To judge the quality of the ND set obtained by an algorithm, the following metrics are commonly used [5],[6] when the decision variables are continuous: (a) generational distance, a measure of how far the obtained ND solutions are from the true Pareto front, (b) spacing, a measure of the spread of solutions throughout the ND set, (c) error ratio, the percentage of the ND solutions which do not belong to the true Paretooptimal set.
In the context of the benchmark WDS problems considered here, the true Pareto front is not known. In any case, the above metrics are of limited value for the WDS problem because of the discrete nature of the decision variables. From a practical perspective, apart from cost and resilience, the decision maker (DM) may need to take into account other considerations for implementation [18], and it is important to make a large number of options available to the DM. A more meaningful metric is therefore the number of solutions in the bestknown PF which the concerned algorithm can contribute [30]. Based on this idea, we propose some new metrics for comparing the PFs obtained by two MOEAs for a given benchmark problem.
Consider a twoobjective problem in which the objective functions and are to be maximised and minimised, respectively. Fig. 1 shows an example with two sets of ND solutions referred to as PFA and PFB. The combined set of ND solutions (marked as “combined PF” in the figure) is obtained by combining solutions from PFA and PFB and then removing solutions dominated by any other solutions. The combined PF contains 14 solutions. PFA, which contains a total of 10 solutions ( to ), contributes 5 unique solutions (, , , , ), i.e., solutions which are not present in PFB. Similarly, PFB, which contains a total of 13 solutions ( to ), contributes 6 unique solutions (, , , , ) to the combined PF. The number of common solutions in the combined PF, i.e., solutions which are contributed by PFA as well as PFB, is 3 (/, /, /). Note that some of the solutions have been rejected from the original PFs, viz., 2 solutions (, ) from PFA and 4 solutions (, , ) from PFB.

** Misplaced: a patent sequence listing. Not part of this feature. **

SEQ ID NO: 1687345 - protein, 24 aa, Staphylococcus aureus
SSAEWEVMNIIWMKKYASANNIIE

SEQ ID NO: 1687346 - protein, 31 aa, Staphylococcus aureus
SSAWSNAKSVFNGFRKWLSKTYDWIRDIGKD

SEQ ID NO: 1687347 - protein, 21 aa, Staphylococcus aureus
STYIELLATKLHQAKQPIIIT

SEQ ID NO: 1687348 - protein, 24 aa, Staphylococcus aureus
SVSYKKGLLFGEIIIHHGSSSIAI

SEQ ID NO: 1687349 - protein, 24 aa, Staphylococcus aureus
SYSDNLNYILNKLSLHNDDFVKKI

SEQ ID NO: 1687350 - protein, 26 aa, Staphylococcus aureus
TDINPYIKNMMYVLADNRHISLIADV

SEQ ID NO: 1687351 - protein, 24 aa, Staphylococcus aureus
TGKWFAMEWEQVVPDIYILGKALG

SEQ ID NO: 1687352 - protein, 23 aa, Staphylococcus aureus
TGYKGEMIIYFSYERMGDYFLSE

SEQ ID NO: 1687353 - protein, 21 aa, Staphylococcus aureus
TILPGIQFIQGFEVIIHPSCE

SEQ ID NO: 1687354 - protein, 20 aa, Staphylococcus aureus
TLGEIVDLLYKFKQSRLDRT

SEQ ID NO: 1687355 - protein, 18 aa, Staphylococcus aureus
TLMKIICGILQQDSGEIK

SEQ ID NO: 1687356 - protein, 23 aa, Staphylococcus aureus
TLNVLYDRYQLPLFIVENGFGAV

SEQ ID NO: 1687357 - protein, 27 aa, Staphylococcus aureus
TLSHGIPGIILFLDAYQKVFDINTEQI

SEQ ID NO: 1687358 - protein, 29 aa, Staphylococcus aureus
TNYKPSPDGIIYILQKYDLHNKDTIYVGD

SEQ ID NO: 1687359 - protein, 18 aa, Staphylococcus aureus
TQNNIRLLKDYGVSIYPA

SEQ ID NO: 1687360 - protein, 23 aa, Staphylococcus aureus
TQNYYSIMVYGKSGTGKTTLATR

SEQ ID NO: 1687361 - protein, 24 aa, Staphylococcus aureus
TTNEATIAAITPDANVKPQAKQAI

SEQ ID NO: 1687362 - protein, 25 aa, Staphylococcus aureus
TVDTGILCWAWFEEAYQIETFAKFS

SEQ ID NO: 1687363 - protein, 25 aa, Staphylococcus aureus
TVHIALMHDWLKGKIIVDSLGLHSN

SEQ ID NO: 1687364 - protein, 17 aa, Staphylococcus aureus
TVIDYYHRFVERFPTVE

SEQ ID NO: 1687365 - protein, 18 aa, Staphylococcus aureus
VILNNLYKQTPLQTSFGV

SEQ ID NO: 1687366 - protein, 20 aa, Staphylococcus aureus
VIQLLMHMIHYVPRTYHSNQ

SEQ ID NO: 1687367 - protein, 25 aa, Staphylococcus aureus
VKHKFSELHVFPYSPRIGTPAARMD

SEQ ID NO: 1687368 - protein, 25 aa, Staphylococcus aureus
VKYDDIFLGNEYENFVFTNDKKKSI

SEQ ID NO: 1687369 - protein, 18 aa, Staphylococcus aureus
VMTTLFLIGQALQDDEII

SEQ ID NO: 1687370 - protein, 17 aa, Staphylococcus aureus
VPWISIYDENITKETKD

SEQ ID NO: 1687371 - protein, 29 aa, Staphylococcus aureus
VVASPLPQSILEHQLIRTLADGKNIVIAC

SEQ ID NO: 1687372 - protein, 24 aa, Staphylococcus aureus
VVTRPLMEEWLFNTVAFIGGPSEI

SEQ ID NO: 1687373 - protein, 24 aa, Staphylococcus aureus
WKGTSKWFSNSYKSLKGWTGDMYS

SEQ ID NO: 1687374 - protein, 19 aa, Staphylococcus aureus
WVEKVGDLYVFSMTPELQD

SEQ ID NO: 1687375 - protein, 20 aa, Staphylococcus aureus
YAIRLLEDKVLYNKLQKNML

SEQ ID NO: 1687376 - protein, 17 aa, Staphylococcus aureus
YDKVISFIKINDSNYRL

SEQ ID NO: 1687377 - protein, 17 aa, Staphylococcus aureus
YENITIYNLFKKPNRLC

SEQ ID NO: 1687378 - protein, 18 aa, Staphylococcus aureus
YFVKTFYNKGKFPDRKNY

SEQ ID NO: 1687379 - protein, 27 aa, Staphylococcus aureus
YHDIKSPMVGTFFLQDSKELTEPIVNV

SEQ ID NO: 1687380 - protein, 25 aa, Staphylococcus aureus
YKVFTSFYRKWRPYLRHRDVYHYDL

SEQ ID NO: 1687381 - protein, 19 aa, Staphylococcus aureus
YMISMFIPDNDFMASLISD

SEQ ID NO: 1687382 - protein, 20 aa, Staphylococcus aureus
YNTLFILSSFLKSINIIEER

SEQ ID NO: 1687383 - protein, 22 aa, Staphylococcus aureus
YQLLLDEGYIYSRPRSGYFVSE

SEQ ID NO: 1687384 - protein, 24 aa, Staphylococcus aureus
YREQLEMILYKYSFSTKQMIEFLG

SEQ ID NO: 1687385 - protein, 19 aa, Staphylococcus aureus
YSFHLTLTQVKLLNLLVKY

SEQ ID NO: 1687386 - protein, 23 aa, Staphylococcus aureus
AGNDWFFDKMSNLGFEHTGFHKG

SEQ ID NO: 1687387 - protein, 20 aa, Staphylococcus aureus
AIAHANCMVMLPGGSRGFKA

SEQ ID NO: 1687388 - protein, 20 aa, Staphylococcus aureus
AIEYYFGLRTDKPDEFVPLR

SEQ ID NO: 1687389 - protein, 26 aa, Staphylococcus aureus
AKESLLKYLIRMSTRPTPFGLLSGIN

We use the following nomenclature to describe the above scenario: =, =, =, = for PFA, and =, =, =, = for PFB. The superscripts t, u, c, r stand for total, unique, common, and rejected, respectively. Note that and must be equal by definition, and we will denote them by . Clearly, for this example, we cannot say that PFA is better than PFB (or vice versa) since each of them has contributed some unique solutions to the combined set.
Consider now the case =, =. In this case, PFB is certainly better than PFA because it contributes some unique solutions while PFA contributes none. In other words, we can do without the information provided by PFA since PFB provides all of the solutions which PFA would have contributed to the combined front ( of them), and additional solutions. We will use this concept to compare the PFs obtained by the proposed MOPSO+ algorithm with the bestknown PFs [4].
3 Local search implementation